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Originally published Thursday, March 21, 2013 at 11:05 AM

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Charter refuses ads for TV antenna maker

A TV antenna maker wanted to use the competition's own medium - cable TV - for its anti-cable message. Now, officials at Antennas Direct say Charter Communications' refusal to air the ads is evidence of the cable industry's growing concern over antennas.

Associated Press

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ST. LOUIS —

A TV antenna maker wanted to use the competition's own medium - cable TV - for its anti-cable message. Now, officials at Antennas Direct say Charter Communications' refusal to air the ads is evidence of the cable industry's growing concern over antennas.

At issue are three 60-second spots that Antennas Direct of Ellisville, Mo., sought to air in the St. Louis market through Charter Communications on ESPN, the History Channel and other cable networks. The ads encourage viewers to cancel cable and save money by buying an antenna. One shows a man chained, telling an unseen voice of a cable company, "You're gonna lose a ton of money when people realize they don't have to pay you just to watch TV."

Antennas Direct spokesman Scott Kolbe said Thursday that a Charter executive responded that the company would not run ads for "direct cable competitors."

Charter spokeswoman Anita Lamont said the company decides on a case-by-case basis whether to accept advertising of competitors. "In this instance, we made a decision not to accept business advertising from this company for this particular product," she said.

Brian Dietz, a spokesman for the National Cable & Telecommunications Association, said that as Americans watch more TV every year, "the value of cable's video service continues to be the best of any form of entertainment."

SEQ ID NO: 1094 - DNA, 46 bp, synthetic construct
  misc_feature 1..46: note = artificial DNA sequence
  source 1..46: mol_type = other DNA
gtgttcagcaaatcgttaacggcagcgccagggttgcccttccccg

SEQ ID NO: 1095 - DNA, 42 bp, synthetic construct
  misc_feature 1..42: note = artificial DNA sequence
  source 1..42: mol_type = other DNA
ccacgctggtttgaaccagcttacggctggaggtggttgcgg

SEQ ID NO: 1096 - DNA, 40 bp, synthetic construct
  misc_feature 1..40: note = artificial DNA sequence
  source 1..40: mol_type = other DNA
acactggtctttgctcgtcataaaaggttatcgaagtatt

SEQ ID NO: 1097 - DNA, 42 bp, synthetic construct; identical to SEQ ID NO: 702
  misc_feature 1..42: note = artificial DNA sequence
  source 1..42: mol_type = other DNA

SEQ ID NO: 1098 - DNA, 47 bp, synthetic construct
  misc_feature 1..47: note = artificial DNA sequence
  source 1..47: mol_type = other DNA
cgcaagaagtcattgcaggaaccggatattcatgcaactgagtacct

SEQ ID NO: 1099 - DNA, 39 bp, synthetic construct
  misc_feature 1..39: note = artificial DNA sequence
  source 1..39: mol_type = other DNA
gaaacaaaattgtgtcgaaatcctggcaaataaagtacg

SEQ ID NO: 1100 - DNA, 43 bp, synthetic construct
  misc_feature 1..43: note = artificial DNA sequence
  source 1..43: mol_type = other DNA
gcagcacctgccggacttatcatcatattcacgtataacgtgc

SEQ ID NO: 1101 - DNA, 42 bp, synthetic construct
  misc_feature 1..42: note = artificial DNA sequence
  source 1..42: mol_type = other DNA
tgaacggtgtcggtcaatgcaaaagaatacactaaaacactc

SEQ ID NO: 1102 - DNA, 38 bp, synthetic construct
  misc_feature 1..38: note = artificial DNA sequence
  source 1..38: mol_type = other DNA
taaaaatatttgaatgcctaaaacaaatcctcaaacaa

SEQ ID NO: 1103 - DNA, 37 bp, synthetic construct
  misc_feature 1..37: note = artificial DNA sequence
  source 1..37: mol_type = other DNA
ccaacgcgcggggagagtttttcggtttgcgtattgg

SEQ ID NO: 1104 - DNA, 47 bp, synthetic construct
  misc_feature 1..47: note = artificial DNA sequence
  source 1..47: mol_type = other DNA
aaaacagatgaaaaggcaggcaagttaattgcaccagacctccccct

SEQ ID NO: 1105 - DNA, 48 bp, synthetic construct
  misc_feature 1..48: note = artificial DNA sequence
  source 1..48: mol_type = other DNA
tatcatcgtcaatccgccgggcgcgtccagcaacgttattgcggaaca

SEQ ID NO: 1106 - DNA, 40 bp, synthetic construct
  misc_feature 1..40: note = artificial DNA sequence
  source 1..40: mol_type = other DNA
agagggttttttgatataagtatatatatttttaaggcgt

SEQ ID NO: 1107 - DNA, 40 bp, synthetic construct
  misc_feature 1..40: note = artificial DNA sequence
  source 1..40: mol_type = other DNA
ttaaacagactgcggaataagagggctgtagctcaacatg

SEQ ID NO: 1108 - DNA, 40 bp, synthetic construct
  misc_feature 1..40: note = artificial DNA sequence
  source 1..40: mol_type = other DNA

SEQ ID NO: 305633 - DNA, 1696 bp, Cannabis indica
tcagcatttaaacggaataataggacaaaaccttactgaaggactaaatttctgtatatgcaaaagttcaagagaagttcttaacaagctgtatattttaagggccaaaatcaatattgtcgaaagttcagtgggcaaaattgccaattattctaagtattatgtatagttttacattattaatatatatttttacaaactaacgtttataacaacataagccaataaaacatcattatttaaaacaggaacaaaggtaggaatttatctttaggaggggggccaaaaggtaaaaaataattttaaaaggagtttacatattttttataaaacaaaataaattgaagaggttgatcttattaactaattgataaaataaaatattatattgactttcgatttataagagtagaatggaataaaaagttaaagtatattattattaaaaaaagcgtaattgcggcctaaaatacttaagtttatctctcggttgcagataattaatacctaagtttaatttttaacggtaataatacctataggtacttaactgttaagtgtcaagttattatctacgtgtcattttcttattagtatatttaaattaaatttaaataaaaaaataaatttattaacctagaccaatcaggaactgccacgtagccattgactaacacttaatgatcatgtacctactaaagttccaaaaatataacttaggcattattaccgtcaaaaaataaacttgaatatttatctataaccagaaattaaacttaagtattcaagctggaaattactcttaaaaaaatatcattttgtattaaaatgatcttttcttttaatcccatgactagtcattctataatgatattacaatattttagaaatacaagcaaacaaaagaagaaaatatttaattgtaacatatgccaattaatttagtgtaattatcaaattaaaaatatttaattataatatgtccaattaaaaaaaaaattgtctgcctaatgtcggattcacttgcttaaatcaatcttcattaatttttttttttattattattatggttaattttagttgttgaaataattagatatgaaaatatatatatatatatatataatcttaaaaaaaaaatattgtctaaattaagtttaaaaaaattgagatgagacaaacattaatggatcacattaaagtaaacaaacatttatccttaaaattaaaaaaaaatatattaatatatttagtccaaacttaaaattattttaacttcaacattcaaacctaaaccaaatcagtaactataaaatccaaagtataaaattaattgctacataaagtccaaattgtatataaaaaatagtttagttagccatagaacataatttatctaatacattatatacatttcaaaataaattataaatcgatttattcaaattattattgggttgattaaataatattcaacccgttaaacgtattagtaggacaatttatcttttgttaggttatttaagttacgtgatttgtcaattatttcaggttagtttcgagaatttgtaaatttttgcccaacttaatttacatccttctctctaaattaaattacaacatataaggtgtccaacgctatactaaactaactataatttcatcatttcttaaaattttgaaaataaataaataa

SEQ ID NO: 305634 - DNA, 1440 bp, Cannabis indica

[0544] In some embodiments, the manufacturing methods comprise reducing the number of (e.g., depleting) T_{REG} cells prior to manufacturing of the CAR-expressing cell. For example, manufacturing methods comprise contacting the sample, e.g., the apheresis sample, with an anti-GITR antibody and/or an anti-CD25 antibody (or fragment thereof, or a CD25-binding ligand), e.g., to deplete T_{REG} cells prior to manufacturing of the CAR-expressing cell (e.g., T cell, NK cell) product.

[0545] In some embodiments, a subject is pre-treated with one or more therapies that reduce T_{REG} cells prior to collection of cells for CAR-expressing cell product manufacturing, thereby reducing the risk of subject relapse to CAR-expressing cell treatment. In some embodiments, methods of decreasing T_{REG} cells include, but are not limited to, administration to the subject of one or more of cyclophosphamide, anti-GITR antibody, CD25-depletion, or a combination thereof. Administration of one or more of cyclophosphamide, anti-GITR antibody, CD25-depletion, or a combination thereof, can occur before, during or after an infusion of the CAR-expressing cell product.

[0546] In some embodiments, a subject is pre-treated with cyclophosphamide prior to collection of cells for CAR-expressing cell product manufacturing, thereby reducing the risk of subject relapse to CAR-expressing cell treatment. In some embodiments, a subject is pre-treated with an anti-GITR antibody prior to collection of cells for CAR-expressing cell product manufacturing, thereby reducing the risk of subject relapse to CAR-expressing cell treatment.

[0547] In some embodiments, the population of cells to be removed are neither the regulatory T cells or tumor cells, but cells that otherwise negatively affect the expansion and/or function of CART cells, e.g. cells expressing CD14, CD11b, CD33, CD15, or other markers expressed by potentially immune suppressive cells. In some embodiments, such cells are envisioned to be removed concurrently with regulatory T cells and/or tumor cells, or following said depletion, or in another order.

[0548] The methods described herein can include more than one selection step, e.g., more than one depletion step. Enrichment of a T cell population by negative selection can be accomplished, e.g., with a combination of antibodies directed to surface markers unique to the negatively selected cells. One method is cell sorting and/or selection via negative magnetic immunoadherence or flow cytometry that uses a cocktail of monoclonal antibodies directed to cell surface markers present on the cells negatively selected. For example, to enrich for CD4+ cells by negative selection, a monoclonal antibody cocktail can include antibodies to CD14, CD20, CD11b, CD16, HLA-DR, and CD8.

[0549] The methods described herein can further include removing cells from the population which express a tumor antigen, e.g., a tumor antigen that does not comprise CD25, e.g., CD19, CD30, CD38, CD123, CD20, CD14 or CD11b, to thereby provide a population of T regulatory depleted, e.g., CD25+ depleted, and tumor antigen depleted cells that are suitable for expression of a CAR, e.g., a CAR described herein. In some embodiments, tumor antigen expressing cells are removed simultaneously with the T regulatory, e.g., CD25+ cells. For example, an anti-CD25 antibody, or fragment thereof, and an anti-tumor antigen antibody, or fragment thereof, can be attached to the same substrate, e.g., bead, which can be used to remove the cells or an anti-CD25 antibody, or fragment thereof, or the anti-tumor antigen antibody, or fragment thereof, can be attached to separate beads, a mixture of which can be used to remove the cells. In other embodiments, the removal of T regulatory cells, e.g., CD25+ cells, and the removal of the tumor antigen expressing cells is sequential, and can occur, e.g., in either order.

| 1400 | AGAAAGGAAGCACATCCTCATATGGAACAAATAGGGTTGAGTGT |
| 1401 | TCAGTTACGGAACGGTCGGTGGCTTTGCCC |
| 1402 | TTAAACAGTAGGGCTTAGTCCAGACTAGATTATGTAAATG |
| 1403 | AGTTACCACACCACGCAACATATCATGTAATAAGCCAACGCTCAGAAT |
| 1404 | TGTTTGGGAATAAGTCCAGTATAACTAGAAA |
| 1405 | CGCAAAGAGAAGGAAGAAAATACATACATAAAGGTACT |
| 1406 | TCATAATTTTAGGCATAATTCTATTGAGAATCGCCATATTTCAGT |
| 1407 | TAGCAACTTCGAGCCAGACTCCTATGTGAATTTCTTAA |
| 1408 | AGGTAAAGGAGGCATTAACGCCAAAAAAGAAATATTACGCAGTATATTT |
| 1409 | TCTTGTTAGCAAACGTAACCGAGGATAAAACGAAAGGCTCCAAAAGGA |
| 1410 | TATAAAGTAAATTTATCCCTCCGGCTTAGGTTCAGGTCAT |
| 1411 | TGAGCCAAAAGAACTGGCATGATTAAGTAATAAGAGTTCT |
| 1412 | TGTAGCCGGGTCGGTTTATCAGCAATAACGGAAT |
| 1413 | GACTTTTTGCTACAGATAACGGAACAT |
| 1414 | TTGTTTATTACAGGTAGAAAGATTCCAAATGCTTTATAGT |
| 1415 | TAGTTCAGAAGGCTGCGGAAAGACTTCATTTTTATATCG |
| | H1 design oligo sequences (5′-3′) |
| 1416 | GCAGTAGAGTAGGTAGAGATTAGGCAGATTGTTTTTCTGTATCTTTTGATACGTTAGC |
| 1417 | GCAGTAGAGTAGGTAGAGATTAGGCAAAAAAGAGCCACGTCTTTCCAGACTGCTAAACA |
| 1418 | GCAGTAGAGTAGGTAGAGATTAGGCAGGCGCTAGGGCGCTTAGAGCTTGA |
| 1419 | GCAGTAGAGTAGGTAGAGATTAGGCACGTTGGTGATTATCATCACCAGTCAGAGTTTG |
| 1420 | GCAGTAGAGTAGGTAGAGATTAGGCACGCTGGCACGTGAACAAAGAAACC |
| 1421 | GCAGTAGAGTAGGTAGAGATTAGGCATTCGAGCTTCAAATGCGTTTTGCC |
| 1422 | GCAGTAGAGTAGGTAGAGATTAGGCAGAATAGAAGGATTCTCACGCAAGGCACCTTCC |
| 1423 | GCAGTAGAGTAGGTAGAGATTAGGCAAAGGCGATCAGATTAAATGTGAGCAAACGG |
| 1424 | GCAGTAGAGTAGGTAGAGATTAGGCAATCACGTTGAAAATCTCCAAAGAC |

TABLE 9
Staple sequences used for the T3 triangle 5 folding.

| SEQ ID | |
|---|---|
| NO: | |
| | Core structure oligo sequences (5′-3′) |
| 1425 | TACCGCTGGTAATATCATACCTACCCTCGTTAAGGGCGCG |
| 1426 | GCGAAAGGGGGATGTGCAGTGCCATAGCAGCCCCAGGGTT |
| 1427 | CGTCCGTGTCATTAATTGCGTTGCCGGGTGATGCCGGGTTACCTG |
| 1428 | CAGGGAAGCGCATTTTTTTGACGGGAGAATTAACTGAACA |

But Kolbe said customers are increasingly turning to antennas because streaming services such as Netflix or Hulu allow them to watch their favorite TV shows for a monthly fee that's far less than cable, and the antenna gives high-definition access to local channels.

Statistics from the National Cable & Telecommunications Association show that the number of cable customers was 58 million in 2011, the most recent year available, down from a peak of 66.9 million in 2001.

Cable has faced increasing competition from competitors such as satellite services and more recently from antennas, throwbacks to the "rabbit ears" of the early days of TV.

Today's antennas are more complex. Selling for $50 to $100, they connect to HD outputs. Pictures gathered from over-the-air signals are usually strong, Kolbe said, and there are no monthly fees.

Antennas don't pick up cable channels - no "Pawn Stars," no "Homeland," no "Breaking Bad." And if the signal fades, there is no picture.

The National Association of Broadcasters cited a 2012 study showing that 17.8 percent of U.S. household with TVs use over-the-air signals, up from 15 percent a year earlier. The study by GfK Media found that nearly 21 million households now receive TV exclusively through broadcast signals rather than cable or satellite.

"Five years ago I don't think anybody considered an antenna company a threat to cable," Kolbe said. "I think streaming has been the catalyst that has helped legitimize antenna television."

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